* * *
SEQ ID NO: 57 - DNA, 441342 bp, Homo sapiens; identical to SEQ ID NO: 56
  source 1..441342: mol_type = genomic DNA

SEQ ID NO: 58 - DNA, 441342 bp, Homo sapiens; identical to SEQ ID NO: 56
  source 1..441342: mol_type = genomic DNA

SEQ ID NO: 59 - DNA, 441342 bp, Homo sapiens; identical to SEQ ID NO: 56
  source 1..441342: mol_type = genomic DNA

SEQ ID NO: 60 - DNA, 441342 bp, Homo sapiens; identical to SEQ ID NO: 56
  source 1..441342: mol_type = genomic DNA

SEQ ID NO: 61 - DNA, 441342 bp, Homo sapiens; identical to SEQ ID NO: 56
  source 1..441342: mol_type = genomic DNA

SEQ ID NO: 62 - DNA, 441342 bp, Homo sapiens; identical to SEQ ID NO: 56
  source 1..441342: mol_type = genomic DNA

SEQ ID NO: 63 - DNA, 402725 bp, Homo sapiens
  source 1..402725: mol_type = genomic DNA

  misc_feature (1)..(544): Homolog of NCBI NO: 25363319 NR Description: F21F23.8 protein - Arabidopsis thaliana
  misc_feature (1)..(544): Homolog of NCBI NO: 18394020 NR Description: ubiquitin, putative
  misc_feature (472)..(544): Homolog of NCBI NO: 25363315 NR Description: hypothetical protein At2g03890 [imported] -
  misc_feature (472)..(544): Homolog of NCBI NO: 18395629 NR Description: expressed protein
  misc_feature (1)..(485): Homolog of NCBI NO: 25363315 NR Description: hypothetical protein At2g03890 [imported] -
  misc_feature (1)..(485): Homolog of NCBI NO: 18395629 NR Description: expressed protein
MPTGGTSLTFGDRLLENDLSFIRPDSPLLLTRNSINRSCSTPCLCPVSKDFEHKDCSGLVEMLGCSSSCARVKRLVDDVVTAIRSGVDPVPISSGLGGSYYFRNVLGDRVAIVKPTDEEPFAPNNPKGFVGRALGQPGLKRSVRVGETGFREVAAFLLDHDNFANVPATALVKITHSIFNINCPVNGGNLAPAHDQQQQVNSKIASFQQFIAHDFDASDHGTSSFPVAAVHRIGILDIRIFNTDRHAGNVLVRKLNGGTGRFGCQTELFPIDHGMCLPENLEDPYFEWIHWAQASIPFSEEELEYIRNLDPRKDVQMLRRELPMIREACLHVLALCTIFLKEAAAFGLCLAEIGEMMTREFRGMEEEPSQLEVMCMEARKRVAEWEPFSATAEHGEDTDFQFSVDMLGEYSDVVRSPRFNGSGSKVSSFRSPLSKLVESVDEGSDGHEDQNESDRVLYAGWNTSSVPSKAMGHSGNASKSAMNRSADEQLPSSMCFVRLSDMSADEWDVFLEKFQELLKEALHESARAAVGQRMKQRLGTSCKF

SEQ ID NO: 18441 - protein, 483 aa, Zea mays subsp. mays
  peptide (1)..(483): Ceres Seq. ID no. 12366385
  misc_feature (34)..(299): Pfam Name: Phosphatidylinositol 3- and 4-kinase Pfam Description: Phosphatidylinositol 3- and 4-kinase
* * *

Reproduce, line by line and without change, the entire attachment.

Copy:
SEQ ID NO: 57 - DNA, 441342 bp, Homo sapiens; identical to SEQ ID NO: 56
  source 1..441342: mol_type = genomic DNA

SEQ ID NO: 58 - DNA, 441342 bp, Homo sapiens; identical to SEQ ID NO: 56
  source 1..441342: mol_type = genomic DNA

SEQ ID NO: 59 - DNA, 441342 bp, Homo sapiens; identical to SEQ ID NO: 56
  source 1..441342: mol_type = genomic DNA

SEQ ID NO: 60 - DNA, 441342 bp, Homo sapiens; identical to SEQ ID NO: 56
  source 1..441342: mol_type = genomic DNA

SEQ ID NO: 61 - DNA, 441342 bp, Homo sapiens; identical to SEQ ID NO: 56
  source 1..441342: mol_type = genomic DNA

SEQ ID NO: 62 - DNA, 441342 bp, Homo sapiens; identical to SEQ ID NO: 56
  source 1..441342: mol_type = genomic DNA

SEQ ID NO: 63 - DNA, 402725 bp, Homo sapiens
  source 1..402725: mol_type = genomic DNA

  misc_feature (1)..(544): Homolog of NCBI NO: 25363319 NR Description: F21F23.8 protein - Arabidopsis thaliana
  misc_feature (1)..(544): Homolog of NCBI NO: 18394020 NR Description: ubiquitin, putative
  misc_feature (472)..(544): Homolog of NCBI NO: 25363315 NR Description: hypothetical protein At2g03890 [imported] -
  misc_feature (472)..(544): Homolog of NCBI NO: 18395629 NR Description: expressed protein
  misc_feature (1)..(485): Homolog of NCBI NO: 25363315 NR Description: hypothetical protein At2g03890 [imported] -
  misc_feature (1)..(485): Homolog of NCBI NO: 18395629 NR Description: expressed protein
MPTGGTSLTFGDRLLENDLSFIRPDSPLLLTRNSINRSCSTPCLCPVSKDFEHKDCSGLVEMLGCSSSCARVKRLVDDVVTAIRSGVDPVPISSGLGGSYYFRNVLGDRVAIVKPTDEEPFAPNNPKGFVGRALGQPGLKRSVRVGETGFREVAAFLLDHDNFANVPATALVKITHSIFNINCPVNGGNLAPAHDQQQQVNSKIASFQQFIAHDFDASDHGTSSFPVAAVHRIGILDIRIFNTDRHAGNVLVRKLNGGTGRFGCQTELFPIDHGMCLPENLEDPYFEWIHWAQASIPFSEEELEYIRNLDPRKDVQMLRRELPMIREACLHVLALCTIFLKEAAAFGLCLAEIGEMMTREFRGMEEEPSQLEVMCMEARKRVAEWEPFSATAEHGEDTDFQFSVDMLGEYSDVVRSPRFNGSGSKVSSFRSPLSKLVESVDEGSDGHEDQNESDRVLYAGWNTSSVPSKAMGHSGNASKSAMNRSADEQLPSSMCFVRLSDMSADEWDVFLEKFQELLKEALHESARAAVGQRMKQRLGTSCKF

SEQ ID NO: 18441 - protein, 483 aa, Zea mays subsp. mays
  peptide (1)..(483): Ceres Seq. ID no. 12366385
  misc_feature (34)..(299): Pfam Name: Phosphatidylinositol 3- and 4-kinase Pfam Description: Phosphatidylinositol 3- and 4-kinase